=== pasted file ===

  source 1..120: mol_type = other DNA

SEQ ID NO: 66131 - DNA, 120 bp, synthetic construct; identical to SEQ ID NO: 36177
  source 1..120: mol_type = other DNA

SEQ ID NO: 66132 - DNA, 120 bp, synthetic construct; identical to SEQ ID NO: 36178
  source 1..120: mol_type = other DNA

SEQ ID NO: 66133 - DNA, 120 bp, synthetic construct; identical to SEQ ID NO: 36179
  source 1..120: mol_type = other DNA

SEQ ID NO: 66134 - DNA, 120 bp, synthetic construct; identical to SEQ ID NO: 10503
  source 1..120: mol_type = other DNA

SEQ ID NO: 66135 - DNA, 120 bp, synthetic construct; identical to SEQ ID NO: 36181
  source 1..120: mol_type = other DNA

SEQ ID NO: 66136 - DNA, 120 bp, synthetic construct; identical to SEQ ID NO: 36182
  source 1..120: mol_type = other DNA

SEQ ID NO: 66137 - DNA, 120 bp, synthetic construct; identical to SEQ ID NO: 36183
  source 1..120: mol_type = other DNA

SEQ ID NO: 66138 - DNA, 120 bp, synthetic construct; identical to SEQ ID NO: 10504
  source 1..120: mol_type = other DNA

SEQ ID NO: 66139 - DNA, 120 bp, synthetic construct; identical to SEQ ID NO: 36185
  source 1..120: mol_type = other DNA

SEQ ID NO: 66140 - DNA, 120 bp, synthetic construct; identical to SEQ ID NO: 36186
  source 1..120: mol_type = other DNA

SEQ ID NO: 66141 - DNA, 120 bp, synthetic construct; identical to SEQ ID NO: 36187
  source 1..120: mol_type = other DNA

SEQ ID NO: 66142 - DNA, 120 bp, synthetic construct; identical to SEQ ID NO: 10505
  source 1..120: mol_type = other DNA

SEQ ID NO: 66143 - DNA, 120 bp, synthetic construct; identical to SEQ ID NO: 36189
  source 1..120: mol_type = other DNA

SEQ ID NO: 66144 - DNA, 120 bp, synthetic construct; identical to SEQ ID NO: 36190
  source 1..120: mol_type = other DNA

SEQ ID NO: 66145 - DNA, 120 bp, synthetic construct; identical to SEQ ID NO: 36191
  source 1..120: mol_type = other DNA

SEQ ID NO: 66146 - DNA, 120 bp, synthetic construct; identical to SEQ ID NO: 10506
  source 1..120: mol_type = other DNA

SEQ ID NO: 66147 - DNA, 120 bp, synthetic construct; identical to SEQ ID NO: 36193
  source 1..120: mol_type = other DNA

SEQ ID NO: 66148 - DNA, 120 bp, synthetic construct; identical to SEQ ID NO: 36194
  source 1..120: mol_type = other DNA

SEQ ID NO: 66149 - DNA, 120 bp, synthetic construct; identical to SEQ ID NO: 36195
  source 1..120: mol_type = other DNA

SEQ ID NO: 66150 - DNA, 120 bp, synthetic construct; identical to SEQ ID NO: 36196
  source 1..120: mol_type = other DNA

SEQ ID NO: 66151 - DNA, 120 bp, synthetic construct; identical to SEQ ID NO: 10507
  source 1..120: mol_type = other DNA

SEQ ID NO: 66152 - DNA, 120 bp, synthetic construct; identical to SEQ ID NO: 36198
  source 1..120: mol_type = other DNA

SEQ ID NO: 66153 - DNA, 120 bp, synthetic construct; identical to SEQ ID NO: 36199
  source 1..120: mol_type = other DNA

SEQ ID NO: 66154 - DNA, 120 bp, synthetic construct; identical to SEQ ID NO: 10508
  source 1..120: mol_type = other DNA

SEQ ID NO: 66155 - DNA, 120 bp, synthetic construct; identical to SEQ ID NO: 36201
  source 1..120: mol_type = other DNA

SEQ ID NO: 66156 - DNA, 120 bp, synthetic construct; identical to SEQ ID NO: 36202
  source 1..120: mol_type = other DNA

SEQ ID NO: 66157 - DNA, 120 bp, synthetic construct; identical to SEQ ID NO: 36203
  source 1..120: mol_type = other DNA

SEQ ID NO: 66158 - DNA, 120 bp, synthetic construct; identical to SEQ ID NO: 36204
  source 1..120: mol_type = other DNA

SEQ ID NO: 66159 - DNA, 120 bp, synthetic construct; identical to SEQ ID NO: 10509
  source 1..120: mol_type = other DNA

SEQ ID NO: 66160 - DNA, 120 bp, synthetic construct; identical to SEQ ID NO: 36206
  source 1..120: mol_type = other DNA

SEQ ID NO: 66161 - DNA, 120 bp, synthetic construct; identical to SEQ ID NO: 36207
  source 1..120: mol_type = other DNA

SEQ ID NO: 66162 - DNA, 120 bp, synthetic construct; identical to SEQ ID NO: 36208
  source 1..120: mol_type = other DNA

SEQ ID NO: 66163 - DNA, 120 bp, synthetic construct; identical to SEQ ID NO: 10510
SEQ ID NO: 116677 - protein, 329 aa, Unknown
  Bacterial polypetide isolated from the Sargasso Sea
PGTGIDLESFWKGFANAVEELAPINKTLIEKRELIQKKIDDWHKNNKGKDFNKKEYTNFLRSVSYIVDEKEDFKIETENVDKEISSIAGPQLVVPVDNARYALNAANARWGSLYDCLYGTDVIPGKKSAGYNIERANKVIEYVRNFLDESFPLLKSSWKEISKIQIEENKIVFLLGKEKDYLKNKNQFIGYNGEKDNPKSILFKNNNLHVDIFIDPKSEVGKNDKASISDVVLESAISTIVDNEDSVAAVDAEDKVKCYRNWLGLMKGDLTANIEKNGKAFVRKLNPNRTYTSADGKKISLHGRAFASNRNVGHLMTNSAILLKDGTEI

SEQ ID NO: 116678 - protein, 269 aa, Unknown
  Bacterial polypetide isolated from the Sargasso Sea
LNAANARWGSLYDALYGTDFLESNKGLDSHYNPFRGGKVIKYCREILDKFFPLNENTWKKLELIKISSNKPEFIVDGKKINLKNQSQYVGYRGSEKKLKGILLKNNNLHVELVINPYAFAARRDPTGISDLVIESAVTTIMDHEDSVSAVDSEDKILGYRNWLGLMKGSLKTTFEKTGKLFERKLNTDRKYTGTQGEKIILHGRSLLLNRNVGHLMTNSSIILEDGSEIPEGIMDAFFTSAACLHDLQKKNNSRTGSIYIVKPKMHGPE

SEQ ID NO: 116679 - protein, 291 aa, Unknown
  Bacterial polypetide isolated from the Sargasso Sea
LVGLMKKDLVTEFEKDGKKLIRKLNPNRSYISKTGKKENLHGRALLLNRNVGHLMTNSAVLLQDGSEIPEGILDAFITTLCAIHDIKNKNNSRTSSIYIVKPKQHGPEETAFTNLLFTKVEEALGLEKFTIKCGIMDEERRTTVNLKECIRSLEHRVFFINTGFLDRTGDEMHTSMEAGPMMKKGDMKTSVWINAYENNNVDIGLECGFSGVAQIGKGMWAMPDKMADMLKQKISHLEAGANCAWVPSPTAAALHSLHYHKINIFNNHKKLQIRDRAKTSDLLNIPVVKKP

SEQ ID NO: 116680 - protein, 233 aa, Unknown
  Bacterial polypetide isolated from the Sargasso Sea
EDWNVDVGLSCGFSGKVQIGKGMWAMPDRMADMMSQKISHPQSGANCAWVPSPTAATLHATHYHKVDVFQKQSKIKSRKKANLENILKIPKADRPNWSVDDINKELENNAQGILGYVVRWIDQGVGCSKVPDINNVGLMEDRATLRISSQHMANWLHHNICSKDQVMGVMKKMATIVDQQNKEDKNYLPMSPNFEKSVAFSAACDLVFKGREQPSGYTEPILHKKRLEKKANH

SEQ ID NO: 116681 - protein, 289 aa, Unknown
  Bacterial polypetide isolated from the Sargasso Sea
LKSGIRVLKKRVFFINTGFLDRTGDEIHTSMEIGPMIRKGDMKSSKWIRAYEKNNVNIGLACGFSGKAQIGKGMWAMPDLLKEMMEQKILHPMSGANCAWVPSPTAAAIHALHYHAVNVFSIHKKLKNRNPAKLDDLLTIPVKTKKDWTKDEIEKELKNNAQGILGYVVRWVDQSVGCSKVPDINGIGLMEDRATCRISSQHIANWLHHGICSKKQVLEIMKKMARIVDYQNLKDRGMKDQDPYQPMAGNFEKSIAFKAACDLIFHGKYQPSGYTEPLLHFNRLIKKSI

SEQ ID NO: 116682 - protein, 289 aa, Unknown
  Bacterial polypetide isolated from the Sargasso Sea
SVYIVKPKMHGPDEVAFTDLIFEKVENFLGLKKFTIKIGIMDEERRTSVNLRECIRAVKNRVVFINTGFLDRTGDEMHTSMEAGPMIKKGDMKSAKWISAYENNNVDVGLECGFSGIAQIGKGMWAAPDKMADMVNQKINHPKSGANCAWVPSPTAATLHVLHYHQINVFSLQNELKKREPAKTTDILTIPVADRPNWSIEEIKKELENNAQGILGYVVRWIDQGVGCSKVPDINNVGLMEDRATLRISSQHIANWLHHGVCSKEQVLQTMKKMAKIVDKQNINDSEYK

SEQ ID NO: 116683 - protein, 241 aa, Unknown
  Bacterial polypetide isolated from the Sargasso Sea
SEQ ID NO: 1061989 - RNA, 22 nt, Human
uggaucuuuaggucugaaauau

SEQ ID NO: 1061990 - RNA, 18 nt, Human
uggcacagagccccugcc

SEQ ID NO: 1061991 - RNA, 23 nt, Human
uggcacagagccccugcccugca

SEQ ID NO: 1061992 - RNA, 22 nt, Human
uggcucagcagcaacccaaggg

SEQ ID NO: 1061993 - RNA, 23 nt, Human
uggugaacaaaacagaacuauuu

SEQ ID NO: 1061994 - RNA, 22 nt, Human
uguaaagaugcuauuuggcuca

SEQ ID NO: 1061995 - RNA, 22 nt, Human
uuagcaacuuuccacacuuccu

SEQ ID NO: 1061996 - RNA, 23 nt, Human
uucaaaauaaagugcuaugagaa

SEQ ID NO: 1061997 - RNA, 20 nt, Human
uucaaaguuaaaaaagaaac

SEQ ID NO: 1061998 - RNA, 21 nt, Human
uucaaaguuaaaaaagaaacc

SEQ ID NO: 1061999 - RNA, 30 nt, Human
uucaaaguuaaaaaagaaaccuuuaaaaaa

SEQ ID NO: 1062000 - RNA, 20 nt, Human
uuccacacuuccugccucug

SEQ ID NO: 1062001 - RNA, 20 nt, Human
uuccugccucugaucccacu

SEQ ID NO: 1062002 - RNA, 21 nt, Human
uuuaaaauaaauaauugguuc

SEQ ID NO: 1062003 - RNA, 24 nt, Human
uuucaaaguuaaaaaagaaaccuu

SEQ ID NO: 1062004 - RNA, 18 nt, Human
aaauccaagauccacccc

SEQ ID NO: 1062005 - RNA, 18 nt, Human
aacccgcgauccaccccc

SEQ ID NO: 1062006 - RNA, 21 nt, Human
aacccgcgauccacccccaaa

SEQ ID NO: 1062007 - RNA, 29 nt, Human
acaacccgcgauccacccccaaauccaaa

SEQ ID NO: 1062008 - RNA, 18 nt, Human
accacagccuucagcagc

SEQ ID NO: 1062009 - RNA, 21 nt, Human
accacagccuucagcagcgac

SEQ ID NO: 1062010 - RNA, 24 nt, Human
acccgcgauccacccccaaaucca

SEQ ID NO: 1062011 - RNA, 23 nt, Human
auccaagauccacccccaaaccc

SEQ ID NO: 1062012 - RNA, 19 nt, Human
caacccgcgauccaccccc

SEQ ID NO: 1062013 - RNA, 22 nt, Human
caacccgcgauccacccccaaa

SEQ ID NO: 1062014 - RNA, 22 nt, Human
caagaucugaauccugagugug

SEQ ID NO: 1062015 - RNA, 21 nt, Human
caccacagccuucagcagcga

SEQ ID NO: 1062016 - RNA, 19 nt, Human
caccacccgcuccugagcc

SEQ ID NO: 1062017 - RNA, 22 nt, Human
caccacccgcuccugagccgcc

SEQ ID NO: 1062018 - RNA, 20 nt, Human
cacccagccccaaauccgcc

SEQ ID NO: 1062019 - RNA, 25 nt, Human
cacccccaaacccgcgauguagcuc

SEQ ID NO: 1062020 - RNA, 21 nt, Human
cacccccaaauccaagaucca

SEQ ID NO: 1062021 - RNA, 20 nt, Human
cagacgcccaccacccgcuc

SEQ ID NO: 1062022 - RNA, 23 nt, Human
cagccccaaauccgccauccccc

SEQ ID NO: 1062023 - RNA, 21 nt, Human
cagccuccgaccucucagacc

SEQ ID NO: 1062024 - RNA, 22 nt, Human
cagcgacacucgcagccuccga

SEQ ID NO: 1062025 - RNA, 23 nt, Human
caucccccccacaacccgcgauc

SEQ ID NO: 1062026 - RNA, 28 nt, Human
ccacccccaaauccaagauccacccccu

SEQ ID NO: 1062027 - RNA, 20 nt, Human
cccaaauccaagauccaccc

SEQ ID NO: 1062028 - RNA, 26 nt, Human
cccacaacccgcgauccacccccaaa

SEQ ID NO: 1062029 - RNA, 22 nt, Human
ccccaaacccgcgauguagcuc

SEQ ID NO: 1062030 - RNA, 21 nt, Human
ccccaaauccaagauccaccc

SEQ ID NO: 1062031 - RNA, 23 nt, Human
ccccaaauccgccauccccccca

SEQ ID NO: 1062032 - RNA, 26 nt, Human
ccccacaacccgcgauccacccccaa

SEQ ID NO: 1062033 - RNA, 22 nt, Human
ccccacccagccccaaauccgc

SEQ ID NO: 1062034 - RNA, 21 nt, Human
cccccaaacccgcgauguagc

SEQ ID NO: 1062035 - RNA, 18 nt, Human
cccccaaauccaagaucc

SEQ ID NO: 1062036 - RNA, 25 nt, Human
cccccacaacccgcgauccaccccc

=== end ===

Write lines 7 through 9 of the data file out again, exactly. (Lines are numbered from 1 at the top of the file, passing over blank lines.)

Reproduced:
  source 1..120: mol_type = other DNA

SEQ ID NO: 66134 - DNA, 120 bp, synthetic construct; identical to SEQ ID NO: 10503
  source 1..120: mol_type = other DNA